Are you sure it's Lucky Bamboo...or could it be Lily bamboo? Lily bamboo is aquatic and can be kept completely immersed in water.

#8 KarlaBob

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Posted 17 September 2008 - 02:34 PM

I'll have to run a few tests. I will purchase a small one, and keep it covered in fishy water from my next water change to see if it rots or not. I dont know if the ones they sell here are lily or lucky bamboo. Usually you find them at feng shui places and they need a LOT of water. Most people just keep them in clear vases with water to the brim.

#9 VelvetDragon

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Posted 19 September 2008 - 01:06 AM

Lucky Bamboo is a Dracaena species. It is not aquatic, and most of the time, will not live underwater for long. Unfortunately, the rotting foliage can pollute your water, so be careful with that.

Personally, I would never submerge a lucky bamboo. Yes, they might live, but they won't reach their full potential. Some people don't care, of course, and if you're careful with the rotting, then that's fine. It's not like they're expensive.

However, these are my five year old lucky bamboos:



I've certainly never seen them look like THAT underwater in an aquarium!

They can do great "sticking out" of an aquarium though. The ones with the long stalks (not the ones in the petstore, usually) are best for it. The leaves should be above the water line. Here are some examples of that:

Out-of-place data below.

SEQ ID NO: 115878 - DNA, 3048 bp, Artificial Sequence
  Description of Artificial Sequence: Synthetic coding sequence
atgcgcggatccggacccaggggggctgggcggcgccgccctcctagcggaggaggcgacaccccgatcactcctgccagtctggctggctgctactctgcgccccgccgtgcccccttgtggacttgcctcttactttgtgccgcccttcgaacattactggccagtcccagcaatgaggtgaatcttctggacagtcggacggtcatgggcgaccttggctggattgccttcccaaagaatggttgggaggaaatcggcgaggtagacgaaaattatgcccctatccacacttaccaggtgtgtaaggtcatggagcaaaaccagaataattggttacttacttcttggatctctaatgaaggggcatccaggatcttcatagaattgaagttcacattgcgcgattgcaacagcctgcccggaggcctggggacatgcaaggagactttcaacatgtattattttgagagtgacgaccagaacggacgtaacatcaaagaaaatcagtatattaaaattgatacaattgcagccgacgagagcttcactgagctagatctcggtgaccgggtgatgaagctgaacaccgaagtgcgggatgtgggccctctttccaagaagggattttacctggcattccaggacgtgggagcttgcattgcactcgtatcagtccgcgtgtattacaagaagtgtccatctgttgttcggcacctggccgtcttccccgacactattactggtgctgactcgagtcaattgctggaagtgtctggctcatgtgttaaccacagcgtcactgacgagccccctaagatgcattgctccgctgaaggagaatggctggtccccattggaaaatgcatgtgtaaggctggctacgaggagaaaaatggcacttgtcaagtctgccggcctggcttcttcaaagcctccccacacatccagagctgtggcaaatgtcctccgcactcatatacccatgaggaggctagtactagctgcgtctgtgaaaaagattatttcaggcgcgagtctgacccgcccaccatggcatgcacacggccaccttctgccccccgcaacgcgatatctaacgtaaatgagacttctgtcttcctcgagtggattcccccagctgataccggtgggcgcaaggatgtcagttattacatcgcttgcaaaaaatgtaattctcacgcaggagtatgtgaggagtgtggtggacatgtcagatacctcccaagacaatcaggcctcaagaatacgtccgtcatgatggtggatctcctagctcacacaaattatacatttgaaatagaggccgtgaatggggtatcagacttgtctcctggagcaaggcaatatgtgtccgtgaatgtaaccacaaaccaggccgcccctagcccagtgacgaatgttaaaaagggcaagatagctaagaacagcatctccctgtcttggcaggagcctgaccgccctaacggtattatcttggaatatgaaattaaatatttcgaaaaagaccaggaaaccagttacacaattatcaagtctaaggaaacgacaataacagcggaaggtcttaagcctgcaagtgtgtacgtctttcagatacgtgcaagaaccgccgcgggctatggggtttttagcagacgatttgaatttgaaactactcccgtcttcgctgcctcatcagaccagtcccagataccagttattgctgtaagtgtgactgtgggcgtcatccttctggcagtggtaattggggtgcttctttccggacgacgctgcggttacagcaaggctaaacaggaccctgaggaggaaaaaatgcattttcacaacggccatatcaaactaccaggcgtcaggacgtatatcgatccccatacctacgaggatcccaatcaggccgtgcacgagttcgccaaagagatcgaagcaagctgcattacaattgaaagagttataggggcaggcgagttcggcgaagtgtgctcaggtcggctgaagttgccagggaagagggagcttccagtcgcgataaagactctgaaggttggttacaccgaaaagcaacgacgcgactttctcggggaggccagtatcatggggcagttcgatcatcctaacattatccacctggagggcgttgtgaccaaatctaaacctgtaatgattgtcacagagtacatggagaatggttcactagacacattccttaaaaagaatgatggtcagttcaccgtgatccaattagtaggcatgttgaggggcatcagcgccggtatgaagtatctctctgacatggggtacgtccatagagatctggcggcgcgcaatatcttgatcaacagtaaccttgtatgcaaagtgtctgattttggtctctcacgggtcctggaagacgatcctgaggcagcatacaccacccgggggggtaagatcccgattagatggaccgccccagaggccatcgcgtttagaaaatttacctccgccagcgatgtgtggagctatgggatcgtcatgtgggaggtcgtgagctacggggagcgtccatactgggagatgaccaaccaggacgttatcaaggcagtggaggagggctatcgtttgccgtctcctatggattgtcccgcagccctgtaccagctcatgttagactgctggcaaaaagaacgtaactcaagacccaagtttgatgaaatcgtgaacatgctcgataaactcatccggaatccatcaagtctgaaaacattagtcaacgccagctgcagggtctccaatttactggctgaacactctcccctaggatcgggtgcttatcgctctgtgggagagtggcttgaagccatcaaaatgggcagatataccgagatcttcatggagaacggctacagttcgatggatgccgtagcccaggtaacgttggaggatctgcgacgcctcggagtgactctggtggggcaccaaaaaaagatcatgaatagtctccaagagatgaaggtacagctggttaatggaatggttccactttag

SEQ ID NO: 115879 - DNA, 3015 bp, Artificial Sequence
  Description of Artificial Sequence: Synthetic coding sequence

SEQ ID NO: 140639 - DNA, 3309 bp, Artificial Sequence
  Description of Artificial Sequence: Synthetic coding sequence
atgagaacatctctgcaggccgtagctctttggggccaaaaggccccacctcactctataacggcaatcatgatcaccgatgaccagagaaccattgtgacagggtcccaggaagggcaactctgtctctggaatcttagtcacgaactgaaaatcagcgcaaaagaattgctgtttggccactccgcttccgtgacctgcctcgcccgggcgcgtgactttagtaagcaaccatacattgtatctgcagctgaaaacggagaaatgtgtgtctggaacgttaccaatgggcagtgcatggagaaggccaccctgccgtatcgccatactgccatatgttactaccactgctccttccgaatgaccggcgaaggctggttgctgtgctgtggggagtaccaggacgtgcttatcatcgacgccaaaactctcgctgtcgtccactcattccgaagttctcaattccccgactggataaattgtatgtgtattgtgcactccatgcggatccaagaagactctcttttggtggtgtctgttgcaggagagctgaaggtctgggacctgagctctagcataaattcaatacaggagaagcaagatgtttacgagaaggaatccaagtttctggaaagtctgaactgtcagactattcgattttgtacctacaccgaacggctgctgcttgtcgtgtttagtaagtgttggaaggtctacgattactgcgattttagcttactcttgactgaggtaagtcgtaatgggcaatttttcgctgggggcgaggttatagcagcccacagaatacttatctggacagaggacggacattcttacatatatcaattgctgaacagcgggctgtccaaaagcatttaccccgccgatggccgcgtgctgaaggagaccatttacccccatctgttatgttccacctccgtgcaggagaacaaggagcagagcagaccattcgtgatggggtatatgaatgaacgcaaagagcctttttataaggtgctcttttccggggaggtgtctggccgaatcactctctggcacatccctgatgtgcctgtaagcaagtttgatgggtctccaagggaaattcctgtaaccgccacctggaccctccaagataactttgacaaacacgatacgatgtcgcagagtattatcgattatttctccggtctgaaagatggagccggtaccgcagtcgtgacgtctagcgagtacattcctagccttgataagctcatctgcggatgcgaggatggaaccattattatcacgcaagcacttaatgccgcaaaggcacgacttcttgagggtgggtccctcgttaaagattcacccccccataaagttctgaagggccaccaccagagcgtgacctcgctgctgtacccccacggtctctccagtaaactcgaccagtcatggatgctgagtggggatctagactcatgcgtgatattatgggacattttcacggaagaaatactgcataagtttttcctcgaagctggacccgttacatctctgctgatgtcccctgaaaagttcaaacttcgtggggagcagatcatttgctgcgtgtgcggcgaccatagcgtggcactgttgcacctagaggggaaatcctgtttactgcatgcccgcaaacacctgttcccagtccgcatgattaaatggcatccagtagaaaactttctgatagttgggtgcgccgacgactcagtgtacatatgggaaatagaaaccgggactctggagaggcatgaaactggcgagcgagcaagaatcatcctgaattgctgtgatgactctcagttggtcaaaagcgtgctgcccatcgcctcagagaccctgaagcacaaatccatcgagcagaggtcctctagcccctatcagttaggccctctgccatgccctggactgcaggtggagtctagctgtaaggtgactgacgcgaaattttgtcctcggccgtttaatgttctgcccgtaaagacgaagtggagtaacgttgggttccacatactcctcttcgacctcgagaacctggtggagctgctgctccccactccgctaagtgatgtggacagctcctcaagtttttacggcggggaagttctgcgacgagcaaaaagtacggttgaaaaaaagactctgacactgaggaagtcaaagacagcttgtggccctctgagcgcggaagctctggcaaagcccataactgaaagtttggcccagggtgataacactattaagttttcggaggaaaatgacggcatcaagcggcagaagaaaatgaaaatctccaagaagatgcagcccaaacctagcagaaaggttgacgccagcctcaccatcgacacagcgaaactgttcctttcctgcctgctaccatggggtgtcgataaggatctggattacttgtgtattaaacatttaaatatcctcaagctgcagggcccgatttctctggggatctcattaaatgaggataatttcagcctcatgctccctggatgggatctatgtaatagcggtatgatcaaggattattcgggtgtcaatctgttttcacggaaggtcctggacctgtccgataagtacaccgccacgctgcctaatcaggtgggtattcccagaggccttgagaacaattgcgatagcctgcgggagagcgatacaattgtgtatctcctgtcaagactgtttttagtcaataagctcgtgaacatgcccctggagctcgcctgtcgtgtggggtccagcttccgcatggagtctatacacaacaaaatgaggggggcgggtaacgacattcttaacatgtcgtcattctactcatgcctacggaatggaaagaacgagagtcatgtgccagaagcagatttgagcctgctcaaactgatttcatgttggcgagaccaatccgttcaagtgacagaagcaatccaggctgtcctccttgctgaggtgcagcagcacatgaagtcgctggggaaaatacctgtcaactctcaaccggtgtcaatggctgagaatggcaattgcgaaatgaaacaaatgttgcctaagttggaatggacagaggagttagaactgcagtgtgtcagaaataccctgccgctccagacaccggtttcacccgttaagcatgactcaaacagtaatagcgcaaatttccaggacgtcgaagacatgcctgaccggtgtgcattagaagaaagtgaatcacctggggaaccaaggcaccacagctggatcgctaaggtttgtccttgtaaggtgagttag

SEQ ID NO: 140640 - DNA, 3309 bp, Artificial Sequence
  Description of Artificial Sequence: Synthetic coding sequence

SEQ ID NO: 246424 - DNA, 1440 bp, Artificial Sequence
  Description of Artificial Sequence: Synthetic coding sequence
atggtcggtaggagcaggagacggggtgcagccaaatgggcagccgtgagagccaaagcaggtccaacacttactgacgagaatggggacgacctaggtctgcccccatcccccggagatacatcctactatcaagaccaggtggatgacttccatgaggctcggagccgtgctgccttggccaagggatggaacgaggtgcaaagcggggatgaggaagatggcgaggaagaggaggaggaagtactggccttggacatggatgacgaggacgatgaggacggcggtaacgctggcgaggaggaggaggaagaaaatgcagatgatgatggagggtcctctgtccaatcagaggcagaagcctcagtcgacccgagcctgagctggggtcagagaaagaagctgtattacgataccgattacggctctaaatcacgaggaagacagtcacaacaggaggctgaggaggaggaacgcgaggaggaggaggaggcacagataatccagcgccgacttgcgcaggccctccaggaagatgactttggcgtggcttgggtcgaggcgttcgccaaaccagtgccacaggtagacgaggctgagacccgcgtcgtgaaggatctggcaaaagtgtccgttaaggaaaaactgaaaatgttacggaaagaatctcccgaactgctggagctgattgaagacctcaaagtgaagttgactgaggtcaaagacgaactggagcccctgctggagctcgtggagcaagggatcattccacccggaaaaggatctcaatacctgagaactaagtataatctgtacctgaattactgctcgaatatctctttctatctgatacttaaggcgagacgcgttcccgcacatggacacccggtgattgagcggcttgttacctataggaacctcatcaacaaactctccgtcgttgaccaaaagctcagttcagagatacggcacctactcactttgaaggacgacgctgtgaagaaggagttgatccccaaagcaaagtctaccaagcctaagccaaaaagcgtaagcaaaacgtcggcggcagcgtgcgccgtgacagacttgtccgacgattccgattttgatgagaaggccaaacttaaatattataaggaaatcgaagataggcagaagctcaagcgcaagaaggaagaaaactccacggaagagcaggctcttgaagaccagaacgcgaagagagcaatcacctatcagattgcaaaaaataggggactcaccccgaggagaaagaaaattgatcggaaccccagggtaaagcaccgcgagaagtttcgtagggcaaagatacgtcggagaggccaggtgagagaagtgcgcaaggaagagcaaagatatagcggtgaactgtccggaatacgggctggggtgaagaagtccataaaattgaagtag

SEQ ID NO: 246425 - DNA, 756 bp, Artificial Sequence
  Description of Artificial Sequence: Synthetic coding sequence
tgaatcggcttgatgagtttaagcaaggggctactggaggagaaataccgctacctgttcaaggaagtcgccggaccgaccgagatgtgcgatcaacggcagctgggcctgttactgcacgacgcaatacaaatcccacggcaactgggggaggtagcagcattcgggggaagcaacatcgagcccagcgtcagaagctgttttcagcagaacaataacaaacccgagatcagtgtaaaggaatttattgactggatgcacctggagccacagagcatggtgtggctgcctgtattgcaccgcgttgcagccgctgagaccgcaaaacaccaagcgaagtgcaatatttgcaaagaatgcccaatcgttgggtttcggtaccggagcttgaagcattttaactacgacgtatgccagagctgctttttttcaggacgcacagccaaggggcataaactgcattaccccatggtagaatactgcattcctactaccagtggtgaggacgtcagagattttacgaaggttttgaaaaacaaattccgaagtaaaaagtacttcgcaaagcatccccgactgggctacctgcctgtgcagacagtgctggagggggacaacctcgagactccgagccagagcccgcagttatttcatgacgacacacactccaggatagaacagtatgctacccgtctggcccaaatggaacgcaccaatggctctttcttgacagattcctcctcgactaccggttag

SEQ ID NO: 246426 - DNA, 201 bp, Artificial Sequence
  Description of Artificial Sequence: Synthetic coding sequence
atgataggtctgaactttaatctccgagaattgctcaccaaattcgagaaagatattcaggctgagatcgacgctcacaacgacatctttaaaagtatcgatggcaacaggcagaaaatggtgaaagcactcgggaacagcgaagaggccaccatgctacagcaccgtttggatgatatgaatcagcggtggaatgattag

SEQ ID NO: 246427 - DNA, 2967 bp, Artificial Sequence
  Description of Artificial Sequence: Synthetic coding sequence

http://www.aquariumb...-1154583922.jpg
http://img.photobuck...ee/133_4427.jpg

The main thing to keep in mind with that is bettas are jumpers. Some bettas jump a lot, some never do, but you should always assume they will and cover your tank, or you'll risk ending up with a potato chip fish on the floor. There are various solutions to this if you want to do the partially submerged thing with the bamboo.

* Have a low water level in a large tank (such as in the second photo). Bettas can jump ~3 inches, so a waterline 4 or 5 inches below the top of the tank is the minimum. You'd need a nice big tank to do this in, of course.

* Drape the whole thing with a fine netting, which can be rubberbanded around the top of the aquarium. Not very attractive, and kind of defeats the purpose of lucky bamboo sticking up I think, but it would work.

* Cut plastic canvas as a lid to fit snug around the bamboo, like it is cut around these wires:



(I can make a picture of it around actual lucky bamboo if this doesn't make sense and it would help, plastic canvas is sooo cheap and I have a bunch of it.) It will fit quite snug -- in fact, the bamboo would hold it in place -- and there will be no hole around the plant for the betta to jump out. More attractive than the netting, less attractive than the dropped water line.

#10 Angie

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Posted 19 September 2008 - 10:34 AM

Hmmm Maybe I should find a way to elevate mine so it can stick out the back then. Wont take much.

#11 VelvetDragon

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Posted 19 September 2008 - 12:26 PM

I couldn't find a picture of it online, but I wonder if this would work around the shorter stalked bamboo -- putting the bamboo in it's own vase inside the aquarium.

Hurrhurr, I drew a picture.



#12 aemi

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Posted 09 October 2008 - 05:55 PM

for 2 weeks I keep my bamboo in the tank and no rotting yet

ill keep u guys updated after a longer time